County administrators in Colorado have opened an investigation into an election official after employees complained she was pressuring them not to cooperate with a joint local, state and federal criminal investigation into an election system security breach discovered last month, a source told CNN.
Deputy clerk Belinda Knisley of the Mesa County Clerk and Recorders office has been placed on paid administrative leave due to a “confidential personnel matter,” CNN previously reported. A source in the Mesa County government tells CNN that the “confidential personnel matter” refers to an open county human resources investigation in which Knisley is accused of pressuring fellow clerk employees — her subordinates — not to cooperate with the criminal investigation into the breach.
When Knisley caught wind of the HR investigation, the source said that Knisley also then pressured employees not to cooperate with it.
Knisley was arrested on Wednesday, charged with felony burglary and misdemeanor cyber crime. As part of her bail conditions, Knisley agreed to have no contact with any clerk employees.
Authorities filed a motion to quash a warrant for Knisley that had been outstanding last week, after she agreed to turn herself in on Wednesday. In that motion, District Attorney Dan Rubinstein wrote that, despite being placed on paid administrative leave pending an investigation into her allegedly creating a hostile work environment for clerk employees, she had been in contact with the employees, “in a manner that is intimidating to them, despite the pending investigation and her leave.” But prosecutors said that she had since assured her counsel that she would have no contact with the employees.
Knisley’s attorney and the US Attorney’s Office did not immediately respond to CNN requests for comment.
Rubinstein told CNN in a statement that he was “unable to comment further,” because of the charges filed against Knisley on Wednesday. The Mesa County Commissioners told CNN in a statement they “cannot comment on this confidential personnel matter.”
The FBI and the Colorado Attorney General both declined to comment.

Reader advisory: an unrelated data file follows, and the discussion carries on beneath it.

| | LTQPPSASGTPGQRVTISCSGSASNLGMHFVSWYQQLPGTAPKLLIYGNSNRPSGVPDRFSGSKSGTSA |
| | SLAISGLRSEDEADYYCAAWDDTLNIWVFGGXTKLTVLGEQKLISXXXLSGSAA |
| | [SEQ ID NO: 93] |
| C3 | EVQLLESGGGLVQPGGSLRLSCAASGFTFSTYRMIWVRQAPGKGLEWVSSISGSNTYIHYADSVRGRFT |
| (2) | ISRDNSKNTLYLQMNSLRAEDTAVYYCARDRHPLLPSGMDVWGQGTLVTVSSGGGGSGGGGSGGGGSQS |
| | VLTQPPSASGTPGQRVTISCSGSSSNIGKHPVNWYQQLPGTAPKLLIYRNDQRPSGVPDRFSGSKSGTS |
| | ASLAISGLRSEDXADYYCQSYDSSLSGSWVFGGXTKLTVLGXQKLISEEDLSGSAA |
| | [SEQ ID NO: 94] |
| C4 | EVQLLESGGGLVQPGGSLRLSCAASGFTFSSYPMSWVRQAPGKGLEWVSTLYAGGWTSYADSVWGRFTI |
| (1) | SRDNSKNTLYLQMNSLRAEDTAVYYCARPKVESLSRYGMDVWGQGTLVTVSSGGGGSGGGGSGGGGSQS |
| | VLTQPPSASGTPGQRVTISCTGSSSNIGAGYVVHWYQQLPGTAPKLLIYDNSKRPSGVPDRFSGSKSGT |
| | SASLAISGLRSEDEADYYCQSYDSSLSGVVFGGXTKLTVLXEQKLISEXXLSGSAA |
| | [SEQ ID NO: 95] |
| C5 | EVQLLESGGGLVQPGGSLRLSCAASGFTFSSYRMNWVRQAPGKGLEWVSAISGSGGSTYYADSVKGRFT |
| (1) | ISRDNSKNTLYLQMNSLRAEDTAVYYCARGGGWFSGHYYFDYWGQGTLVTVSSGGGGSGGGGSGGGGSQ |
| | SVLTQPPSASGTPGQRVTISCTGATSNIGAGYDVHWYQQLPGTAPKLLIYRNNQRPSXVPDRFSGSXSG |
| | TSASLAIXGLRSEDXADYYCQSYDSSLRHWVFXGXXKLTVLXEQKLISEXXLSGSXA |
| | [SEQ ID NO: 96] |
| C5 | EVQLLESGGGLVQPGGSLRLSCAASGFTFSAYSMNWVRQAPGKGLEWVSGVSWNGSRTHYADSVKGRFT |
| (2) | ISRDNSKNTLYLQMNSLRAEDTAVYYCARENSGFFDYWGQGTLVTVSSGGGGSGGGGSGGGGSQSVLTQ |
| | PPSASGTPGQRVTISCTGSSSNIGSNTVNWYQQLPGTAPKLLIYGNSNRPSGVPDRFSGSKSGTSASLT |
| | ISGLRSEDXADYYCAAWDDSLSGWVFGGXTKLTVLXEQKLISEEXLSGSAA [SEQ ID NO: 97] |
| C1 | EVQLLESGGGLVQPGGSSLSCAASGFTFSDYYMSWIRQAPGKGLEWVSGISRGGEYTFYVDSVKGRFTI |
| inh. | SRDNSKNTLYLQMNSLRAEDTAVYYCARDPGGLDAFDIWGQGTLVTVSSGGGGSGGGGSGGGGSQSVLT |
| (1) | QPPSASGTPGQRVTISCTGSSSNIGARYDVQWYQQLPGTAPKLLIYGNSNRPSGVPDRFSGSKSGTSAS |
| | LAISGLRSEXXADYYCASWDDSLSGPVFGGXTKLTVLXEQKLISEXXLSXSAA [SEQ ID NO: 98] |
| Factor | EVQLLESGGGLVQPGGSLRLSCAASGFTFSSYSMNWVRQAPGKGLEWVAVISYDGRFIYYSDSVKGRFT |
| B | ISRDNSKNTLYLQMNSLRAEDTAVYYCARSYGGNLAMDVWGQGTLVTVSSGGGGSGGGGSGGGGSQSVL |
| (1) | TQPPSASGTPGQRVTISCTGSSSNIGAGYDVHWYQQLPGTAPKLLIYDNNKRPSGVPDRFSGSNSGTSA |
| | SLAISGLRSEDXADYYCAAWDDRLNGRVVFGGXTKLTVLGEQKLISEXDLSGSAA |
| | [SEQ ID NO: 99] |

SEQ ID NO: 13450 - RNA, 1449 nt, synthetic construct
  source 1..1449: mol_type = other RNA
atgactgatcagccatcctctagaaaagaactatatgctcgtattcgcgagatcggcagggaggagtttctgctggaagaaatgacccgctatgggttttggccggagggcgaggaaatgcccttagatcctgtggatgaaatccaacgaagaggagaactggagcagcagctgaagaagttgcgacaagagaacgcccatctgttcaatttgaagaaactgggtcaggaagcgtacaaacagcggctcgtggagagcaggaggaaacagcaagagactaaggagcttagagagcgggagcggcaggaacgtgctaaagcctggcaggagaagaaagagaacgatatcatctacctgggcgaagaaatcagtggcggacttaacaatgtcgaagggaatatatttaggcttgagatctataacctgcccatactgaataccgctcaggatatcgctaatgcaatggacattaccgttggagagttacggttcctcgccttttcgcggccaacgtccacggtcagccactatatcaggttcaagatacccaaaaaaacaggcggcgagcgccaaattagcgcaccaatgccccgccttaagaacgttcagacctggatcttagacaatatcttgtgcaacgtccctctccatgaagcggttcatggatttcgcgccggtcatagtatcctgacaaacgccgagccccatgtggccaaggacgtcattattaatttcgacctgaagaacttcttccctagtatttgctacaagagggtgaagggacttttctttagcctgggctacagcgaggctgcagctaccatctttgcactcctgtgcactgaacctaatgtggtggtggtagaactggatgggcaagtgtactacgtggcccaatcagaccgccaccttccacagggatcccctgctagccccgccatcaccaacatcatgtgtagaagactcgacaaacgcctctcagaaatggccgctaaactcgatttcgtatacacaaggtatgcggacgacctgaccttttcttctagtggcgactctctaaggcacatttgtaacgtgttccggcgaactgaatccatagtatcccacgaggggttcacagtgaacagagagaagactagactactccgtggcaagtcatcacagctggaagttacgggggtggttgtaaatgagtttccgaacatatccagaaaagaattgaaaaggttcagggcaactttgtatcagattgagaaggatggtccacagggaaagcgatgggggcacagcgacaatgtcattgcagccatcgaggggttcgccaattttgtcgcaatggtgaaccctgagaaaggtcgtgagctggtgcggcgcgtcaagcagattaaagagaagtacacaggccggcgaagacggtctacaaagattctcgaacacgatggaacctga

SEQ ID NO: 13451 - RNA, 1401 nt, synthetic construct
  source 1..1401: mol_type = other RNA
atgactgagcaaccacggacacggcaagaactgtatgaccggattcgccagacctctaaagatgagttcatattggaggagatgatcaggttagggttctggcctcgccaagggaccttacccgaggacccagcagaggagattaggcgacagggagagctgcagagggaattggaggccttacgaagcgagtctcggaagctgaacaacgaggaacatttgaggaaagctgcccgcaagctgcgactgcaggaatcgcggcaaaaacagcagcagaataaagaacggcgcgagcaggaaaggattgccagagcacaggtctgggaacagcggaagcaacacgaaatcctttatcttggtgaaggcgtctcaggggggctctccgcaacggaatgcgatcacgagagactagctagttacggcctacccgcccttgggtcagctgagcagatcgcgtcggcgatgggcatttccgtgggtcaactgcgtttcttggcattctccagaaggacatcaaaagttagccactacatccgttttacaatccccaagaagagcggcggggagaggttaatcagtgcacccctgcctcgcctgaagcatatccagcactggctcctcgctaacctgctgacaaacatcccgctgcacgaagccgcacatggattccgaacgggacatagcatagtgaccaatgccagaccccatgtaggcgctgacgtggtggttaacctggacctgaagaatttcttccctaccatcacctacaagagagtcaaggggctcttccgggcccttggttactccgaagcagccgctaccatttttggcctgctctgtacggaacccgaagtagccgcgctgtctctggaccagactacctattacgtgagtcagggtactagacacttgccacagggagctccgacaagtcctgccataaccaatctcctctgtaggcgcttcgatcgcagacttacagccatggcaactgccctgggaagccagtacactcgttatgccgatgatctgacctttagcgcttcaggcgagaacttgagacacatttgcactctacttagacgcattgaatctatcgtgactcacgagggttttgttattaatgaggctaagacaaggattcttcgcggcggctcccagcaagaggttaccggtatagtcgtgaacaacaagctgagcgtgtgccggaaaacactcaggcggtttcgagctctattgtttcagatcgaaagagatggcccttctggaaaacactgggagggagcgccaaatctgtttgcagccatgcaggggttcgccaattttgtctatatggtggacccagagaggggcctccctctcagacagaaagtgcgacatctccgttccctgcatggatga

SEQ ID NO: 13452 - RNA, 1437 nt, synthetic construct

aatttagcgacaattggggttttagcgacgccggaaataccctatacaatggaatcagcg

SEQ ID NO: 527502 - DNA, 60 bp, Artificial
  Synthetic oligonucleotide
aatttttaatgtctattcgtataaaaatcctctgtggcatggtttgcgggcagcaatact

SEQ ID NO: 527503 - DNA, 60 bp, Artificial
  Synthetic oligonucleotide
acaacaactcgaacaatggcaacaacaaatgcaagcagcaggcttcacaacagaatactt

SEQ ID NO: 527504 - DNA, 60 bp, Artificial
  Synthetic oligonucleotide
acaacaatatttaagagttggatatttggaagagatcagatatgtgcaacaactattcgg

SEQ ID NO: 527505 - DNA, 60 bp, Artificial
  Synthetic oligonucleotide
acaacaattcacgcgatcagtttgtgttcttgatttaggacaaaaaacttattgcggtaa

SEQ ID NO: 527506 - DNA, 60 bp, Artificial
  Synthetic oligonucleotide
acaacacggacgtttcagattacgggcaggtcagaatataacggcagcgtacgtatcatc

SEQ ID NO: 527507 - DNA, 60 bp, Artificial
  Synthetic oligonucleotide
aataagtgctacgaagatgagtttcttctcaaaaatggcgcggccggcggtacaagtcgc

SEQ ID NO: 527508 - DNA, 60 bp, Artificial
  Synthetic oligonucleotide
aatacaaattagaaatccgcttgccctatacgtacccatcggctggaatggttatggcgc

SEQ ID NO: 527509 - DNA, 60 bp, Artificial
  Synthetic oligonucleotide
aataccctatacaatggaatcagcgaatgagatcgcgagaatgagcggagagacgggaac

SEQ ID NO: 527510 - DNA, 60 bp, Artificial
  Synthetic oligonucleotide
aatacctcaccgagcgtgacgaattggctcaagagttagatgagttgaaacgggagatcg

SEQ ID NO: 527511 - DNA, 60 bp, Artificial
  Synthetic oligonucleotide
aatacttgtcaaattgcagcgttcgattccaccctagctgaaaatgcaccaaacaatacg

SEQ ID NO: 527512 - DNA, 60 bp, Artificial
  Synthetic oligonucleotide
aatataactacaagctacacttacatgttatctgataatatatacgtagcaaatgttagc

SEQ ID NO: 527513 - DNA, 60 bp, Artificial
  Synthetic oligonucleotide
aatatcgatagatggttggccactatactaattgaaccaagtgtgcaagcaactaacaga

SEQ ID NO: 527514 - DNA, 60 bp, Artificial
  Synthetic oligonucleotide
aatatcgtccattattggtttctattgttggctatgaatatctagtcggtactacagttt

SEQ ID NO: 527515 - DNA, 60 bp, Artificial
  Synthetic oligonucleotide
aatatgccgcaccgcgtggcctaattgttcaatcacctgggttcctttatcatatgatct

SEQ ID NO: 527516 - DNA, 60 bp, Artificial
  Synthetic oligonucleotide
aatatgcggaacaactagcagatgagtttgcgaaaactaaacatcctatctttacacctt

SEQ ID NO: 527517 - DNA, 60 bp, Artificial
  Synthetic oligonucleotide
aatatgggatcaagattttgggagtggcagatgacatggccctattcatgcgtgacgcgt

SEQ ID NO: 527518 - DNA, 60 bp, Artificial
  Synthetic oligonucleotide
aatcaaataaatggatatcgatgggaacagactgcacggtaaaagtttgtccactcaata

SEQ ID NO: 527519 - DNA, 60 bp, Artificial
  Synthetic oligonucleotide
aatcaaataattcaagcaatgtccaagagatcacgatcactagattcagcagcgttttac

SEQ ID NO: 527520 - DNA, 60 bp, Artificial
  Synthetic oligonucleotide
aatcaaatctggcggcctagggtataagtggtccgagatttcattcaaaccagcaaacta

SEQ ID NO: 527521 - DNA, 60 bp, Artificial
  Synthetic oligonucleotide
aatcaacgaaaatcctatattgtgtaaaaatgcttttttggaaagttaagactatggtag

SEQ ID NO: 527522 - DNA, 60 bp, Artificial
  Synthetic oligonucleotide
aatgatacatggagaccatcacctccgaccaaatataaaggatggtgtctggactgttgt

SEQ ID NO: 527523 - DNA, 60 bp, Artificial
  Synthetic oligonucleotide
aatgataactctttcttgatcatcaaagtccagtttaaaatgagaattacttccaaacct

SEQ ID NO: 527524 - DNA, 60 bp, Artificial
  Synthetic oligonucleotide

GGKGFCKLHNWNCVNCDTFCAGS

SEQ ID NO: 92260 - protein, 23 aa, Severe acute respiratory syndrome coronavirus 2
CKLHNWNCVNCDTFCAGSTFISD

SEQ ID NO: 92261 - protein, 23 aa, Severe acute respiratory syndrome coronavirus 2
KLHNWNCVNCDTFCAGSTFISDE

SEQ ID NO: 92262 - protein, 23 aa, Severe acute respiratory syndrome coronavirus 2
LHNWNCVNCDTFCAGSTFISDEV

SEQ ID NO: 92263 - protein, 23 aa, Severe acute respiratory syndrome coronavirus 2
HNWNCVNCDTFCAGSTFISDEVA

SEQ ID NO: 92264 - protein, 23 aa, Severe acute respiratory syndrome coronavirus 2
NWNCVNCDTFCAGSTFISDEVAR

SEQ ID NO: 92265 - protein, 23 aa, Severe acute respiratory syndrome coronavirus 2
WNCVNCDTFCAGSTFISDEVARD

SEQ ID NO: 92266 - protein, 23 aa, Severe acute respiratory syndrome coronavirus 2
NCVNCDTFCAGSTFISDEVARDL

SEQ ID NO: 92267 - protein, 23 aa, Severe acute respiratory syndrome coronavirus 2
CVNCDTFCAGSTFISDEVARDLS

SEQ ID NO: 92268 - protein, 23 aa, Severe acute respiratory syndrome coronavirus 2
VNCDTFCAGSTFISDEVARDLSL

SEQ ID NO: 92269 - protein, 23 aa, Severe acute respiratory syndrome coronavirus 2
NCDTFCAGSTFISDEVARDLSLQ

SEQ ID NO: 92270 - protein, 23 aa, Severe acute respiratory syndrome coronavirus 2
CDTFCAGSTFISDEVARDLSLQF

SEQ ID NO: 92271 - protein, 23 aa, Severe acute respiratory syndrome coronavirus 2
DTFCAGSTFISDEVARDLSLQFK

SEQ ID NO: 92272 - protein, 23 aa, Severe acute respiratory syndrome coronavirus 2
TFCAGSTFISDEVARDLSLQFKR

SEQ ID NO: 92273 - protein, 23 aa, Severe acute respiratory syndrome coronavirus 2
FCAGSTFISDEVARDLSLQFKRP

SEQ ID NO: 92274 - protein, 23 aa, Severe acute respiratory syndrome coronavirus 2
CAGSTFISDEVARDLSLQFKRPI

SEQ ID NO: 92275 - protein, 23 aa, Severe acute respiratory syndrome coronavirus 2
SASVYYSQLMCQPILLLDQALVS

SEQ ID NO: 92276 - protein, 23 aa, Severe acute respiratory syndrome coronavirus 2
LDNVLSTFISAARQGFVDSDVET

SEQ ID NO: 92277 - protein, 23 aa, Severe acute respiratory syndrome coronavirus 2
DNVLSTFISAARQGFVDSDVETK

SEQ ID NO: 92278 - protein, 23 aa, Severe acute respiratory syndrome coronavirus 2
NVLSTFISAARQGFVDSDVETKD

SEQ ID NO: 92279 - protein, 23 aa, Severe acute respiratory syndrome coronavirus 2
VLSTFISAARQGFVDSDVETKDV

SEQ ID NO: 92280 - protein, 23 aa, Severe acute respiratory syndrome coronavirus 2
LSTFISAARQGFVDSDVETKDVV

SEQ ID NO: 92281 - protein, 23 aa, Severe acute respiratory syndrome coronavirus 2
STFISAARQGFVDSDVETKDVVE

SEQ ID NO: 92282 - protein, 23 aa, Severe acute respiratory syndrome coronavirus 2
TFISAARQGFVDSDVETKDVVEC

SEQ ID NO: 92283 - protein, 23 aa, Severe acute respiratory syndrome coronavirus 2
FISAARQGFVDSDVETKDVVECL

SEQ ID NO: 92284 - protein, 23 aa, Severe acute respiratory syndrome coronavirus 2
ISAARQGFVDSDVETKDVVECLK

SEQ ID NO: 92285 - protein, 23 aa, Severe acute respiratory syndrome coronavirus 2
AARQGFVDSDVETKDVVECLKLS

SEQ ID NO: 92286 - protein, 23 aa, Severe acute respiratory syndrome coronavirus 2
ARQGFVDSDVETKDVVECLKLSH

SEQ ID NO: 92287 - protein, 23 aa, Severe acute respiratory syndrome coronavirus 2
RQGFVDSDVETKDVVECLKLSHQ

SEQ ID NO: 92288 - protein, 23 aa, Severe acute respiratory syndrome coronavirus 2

The criminal investigation into the clerk’s office began after Colorado Secretary of State Jena Griswold, a Democrat, accused Republican Mesa County Clerk and Recorder Tina Peters — as well as the office itself — of facilitating a security breach in May. The breach resulted in confidential voting machine logins, and forensic images of their hard drives, being published in a QAnon-affiliated Telegram channel in early August.
The district attorney launched the investigation last month, and it’s since been joined by the Colorado Attorney General and FBI.
Court documents filed by the district attorney allege she went to the Mesa County Clerk’s office on August 25, despite being told not to be on the premises because of an active HR investigation in which she “engaged in inappropriate, unprofessional conduct in the workplace.” While at the office on August 25, court documents allege that she used Peters’ logins to access the county computer system and attempt to print documents.
Knisley had already been in hot water with the Colorado secretary of state over the security breach; Griswold revoked Knisley’s election supervisory duties because of it, alleging that Knisley helped facilitate the breach by misrepresented a non-employee’s role and employment status at a software update of election equipment event in May.
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